Even though Love Me If You Dare & Amélie overlap in a significant portion of their broader details, the specificity of Amélie’s more minuscule, microscopic touches are so manicured & specific that they could never be copied outside a direct remake. The film has a fetish for specificity, zooming in on mundane human experiences like the indent lines pillows leave on faces, the feeling of plunging fingers into cool sacks of grain, and the nervous release of cracking knuckles & popping bubble wrap. By contrast, Love Me If You Dare revels in the broad & the external, following a bombastic, ill-advised relationship’s exponentially violent escalation to the point where it feels like the entire world might end if no one puts a stop to it in time. It’s clear to me, then, that Amélie is the superior film of the pair, whether or not it’s the one you happen to catch first. There’s a very peculiar, detailed, dark-magic energy to its fairy tale rhythms that’s enduringly endearing, trafficking in a hyper-specific, hermetic world that still feels unique & intimate no matter how often it has been echoed in its twee-tinged decedents. Love Me If You Dare’s chaotic misanthropy doesn’t allow for such intimacy, but rather terrorizes its audience by perverting the twee romcom template into something cruel & unpredictable. It’s less a photocopy of Amélie than it is a darkest timeline inversion of that film’s romantic-pranks premise into something deeply sinister. These two films use their respective love-game antics to show what it’s like when twee French whimsy is used for Good vs. when it’s used for Evil. They may exist in the same color-saturated, overly-manicured, early-aughts Paris, but their philosophical worldviews are polar opposites, making for two drastically different experiences.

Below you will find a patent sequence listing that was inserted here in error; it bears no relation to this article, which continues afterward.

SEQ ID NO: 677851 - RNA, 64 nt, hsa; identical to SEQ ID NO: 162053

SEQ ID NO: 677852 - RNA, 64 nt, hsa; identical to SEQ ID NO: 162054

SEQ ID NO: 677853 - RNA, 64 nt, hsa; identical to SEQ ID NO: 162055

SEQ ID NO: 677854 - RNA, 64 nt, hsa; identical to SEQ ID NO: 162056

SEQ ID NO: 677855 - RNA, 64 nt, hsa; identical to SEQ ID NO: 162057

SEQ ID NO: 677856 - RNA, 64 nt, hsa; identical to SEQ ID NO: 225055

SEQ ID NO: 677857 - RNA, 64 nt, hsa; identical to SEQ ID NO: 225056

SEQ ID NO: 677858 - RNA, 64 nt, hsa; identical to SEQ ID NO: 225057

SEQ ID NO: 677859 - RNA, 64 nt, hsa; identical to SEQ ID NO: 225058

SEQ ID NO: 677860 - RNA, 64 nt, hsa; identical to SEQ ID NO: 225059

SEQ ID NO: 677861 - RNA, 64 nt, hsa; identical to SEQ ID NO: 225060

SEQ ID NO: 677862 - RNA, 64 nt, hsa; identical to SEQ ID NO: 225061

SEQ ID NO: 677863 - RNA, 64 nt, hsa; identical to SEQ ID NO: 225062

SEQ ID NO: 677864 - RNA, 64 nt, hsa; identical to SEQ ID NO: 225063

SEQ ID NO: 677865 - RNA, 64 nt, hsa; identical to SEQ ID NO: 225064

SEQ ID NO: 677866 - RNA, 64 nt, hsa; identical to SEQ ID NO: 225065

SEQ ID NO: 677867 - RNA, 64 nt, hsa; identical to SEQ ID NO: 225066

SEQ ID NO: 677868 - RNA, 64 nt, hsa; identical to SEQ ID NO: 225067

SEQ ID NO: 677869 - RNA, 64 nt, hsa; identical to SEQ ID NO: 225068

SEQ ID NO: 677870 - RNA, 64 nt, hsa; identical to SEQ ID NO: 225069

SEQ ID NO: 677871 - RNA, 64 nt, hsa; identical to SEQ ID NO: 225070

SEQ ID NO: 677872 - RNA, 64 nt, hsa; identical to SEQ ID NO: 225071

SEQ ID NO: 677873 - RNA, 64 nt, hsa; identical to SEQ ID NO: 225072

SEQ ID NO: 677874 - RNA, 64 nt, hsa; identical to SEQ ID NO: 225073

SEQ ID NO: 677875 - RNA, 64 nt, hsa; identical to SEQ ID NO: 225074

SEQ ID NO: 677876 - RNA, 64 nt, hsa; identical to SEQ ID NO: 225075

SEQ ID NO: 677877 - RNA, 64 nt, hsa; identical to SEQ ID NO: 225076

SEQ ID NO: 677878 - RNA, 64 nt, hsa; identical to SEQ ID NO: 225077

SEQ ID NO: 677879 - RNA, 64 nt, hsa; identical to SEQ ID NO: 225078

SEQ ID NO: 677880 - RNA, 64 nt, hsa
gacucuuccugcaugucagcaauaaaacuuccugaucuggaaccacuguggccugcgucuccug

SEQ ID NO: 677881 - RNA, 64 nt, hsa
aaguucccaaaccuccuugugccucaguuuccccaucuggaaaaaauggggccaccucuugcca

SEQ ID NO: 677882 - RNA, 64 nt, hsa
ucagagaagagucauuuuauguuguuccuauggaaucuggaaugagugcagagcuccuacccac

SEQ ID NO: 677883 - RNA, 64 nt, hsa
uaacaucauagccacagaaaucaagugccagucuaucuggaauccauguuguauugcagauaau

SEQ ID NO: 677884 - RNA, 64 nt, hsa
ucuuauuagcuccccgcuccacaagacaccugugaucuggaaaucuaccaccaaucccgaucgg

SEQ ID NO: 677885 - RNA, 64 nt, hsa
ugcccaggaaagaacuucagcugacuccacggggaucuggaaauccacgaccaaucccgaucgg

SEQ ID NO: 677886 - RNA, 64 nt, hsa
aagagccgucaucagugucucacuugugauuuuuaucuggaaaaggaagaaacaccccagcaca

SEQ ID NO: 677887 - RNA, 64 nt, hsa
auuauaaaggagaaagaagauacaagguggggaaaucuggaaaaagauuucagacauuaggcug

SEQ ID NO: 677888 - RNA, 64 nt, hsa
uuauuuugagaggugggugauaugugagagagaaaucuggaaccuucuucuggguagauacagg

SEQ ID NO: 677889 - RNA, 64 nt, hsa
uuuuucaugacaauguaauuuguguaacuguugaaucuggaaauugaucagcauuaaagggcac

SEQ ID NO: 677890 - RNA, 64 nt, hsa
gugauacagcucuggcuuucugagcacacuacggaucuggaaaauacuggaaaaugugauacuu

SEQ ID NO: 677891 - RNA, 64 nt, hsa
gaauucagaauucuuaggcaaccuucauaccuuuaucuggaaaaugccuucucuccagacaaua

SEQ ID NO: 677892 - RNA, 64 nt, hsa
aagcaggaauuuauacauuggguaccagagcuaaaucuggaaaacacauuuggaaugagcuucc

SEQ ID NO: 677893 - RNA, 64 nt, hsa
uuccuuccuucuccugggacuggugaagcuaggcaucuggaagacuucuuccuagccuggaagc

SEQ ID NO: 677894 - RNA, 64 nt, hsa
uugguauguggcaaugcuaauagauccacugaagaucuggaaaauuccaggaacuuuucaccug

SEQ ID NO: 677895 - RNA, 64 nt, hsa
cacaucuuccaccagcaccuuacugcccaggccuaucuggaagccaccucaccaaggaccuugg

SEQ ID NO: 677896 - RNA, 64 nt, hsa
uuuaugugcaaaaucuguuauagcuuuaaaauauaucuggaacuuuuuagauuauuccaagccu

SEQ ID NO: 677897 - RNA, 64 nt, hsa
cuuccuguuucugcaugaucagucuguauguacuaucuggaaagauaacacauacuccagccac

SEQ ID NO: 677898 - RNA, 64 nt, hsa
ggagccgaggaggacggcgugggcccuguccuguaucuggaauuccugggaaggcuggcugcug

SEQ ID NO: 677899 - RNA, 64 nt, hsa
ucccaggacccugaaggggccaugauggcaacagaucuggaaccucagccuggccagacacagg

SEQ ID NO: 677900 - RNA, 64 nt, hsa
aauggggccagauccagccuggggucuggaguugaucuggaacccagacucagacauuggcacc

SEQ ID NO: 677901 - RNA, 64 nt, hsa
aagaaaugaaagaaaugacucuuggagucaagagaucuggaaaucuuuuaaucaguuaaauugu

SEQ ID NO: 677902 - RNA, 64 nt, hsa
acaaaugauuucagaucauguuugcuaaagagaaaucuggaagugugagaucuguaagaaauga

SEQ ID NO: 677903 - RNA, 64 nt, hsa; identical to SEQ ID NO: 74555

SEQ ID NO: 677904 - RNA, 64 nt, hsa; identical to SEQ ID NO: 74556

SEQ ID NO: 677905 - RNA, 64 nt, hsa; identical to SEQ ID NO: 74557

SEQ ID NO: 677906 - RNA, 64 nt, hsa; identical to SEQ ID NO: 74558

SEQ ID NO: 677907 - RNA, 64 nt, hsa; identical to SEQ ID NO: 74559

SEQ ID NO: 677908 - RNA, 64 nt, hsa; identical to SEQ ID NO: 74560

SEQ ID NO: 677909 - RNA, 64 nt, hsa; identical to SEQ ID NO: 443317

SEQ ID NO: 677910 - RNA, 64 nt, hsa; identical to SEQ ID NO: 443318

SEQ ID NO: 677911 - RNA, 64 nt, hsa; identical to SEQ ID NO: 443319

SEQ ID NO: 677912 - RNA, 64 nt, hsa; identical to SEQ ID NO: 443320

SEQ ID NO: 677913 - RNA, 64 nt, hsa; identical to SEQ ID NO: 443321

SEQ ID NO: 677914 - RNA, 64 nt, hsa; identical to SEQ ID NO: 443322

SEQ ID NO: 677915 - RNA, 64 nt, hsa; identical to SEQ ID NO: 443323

For more on March’s Movie of the Month, the sinister twee romance Love Me If You Dare (2003), check out our Swampchat discussion of the film and last week’s comparison to the violent attractions of Heavenly Creatures (1993).

-Brandon Ledet

One thought on “Romantic Pranks in Parisian Twee

  1. Pingback: Obsession, Whimsy, and Mayhem in the Early Aughts Romance | Swampflix